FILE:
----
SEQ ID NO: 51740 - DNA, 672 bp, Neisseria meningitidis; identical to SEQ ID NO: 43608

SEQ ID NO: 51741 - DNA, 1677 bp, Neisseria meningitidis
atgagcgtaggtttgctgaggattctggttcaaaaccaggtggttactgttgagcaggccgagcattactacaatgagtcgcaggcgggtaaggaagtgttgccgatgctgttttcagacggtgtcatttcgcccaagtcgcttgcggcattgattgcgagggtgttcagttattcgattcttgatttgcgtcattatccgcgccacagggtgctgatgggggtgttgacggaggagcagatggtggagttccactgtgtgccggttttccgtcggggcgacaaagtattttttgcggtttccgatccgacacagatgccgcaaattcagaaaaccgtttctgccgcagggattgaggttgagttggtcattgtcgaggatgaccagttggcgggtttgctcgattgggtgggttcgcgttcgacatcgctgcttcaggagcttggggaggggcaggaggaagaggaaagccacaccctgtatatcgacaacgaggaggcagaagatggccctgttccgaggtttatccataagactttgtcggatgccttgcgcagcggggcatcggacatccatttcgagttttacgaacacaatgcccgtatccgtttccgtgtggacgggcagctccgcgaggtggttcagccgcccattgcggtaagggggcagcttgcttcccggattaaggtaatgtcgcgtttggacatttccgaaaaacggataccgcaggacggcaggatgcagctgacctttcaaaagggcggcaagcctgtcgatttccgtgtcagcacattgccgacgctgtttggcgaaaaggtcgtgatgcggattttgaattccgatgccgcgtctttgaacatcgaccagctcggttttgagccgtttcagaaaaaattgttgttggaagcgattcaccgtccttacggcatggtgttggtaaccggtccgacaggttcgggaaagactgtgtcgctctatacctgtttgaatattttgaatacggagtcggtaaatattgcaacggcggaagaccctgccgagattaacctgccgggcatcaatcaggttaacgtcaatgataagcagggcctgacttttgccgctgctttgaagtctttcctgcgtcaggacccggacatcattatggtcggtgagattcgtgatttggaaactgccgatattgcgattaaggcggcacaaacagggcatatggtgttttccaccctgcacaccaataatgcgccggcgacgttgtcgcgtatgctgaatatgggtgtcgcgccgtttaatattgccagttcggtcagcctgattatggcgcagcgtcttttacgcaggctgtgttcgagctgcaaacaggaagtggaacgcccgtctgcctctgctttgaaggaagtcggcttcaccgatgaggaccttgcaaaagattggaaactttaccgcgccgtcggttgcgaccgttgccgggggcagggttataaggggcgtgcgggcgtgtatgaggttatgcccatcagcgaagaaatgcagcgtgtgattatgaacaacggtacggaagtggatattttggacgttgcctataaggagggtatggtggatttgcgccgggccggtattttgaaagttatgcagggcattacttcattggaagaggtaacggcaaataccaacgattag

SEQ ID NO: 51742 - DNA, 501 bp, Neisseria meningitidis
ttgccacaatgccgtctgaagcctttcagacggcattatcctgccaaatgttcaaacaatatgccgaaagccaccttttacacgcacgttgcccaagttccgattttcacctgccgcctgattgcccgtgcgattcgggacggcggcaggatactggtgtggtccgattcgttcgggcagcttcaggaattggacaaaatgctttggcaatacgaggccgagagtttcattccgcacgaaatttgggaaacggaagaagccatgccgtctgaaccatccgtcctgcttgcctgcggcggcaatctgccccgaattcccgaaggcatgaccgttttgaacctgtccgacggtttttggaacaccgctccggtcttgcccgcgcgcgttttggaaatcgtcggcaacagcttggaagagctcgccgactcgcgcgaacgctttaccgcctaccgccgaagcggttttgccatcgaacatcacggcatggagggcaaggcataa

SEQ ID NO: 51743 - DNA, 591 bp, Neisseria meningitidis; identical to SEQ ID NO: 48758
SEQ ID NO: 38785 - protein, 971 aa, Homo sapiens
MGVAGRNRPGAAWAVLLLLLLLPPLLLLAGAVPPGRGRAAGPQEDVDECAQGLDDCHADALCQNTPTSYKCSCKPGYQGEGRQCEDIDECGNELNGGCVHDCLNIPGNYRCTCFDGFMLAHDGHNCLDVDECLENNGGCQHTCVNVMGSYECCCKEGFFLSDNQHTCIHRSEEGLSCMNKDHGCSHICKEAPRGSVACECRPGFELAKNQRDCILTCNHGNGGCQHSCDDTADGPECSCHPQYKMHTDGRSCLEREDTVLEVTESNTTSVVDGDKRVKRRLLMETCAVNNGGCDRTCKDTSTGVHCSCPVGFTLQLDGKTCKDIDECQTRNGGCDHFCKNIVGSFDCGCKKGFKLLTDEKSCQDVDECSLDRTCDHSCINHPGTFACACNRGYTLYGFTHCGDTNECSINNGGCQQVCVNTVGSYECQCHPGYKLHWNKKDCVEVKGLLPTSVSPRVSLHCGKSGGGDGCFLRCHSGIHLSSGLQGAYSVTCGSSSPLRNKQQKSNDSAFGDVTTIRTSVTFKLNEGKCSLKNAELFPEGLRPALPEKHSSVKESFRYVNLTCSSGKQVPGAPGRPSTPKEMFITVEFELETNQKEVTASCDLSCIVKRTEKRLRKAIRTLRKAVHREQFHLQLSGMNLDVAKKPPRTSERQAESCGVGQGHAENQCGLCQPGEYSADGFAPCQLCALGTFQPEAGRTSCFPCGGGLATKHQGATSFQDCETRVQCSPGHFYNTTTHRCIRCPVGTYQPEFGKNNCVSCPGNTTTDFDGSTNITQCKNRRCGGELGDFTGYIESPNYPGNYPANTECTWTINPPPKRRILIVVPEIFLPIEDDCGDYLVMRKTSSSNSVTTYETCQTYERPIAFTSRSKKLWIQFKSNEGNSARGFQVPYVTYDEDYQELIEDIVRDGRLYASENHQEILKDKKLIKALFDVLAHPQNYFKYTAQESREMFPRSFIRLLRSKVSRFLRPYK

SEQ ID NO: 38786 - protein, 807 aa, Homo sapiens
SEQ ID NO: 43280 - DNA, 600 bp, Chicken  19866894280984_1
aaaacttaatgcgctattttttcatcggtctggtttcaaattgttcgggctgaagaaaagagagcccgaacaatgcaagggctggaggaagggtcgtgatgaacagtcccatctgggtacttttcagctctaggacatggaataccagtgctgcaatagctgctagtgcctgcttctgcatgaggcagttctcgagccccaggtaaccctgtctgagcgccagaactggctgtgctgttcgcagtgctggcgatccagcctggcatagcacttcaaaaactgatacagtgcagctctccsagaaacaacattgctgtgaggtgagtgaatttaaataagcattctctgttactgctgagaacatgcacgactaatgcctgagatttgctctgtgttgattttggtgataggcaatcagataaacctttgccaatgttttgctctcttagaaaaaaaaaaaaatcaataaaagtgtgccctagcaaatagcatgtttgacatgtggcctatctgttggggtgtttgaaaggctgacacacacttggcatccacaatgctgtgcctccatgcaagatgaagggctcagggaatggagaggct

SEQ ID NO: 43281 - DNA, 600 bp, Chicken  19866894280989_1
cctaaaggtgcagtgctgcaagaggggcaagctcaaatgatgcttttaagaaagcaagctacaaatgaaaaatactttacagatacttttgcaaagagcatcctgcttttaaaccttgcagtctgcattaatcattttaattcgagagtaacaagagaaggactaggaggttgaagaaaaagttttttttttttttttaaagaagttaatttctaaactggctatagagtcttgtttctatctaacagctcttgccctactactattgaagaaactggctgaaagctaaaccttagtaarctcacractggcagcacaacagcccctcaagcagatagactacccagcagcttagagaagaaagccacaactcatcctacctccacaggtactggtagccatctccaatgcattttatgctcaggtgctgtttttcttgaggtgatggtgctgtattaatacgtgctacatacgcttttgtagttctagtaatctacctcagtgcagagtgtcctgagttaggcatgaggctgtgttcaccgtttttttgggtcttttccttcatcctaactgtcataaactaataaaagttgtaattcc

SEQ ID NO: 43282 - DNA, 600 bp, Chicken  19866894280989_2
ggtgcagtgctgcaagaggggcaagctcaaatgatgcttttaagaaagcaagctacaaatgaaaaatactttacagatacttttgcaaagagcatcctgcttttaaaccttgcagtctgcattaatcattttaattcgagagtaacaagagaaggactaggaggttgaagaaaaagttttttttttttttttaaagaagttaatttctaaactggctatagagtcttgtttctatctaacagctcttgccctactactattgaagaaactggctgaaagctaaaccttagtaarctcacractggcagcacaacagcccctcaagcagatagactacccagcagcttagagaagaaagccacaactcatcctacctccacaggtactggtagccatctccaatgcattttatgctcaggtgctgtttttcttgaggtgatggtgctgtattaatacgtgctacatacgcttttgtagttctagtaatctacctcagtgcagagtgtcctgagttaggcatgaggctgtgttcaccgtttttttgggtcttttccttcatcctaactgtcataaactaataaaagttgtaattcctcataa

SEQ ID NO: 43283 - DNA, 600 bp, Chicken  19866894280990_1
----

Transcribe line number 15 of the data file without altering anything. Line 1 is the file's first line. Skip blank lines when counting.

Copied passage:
ggtgcagtgctgcaagaggggcaagctcaaatgatgcttttaagaaagcaagctacaaatgaaaaatactttacagatacttttgcaaagagcatcctgcttttaaaccttgcagtctgcattaatcattttaattcgagagtaacaagagaaggactaggaggttgaagaaaaagttttttttttttttttaaagaagttaatttctaaactggctatagagtcttgtttctatctaacagctcttgccctactactattgaagaaactggctgaaagctaaaccttagtaarctcacractggcagcacaacagcccctcaagcagatagactacccagcagcttagagaagaaagccacaactcatcctacctccacaggtactggtagccatctccaatgcattttatgctcaggtgctgtttttcttgaggtgatggtgctgtattaatacgtgctacatacgcttttgtagttctagtaatctacctcagtgcagagtgtcctgagttaggcatgaggctgtgttcaccgtttttttgggtcttttccttcatcctaactgtcataaactaataaaagttgtaattcctcataa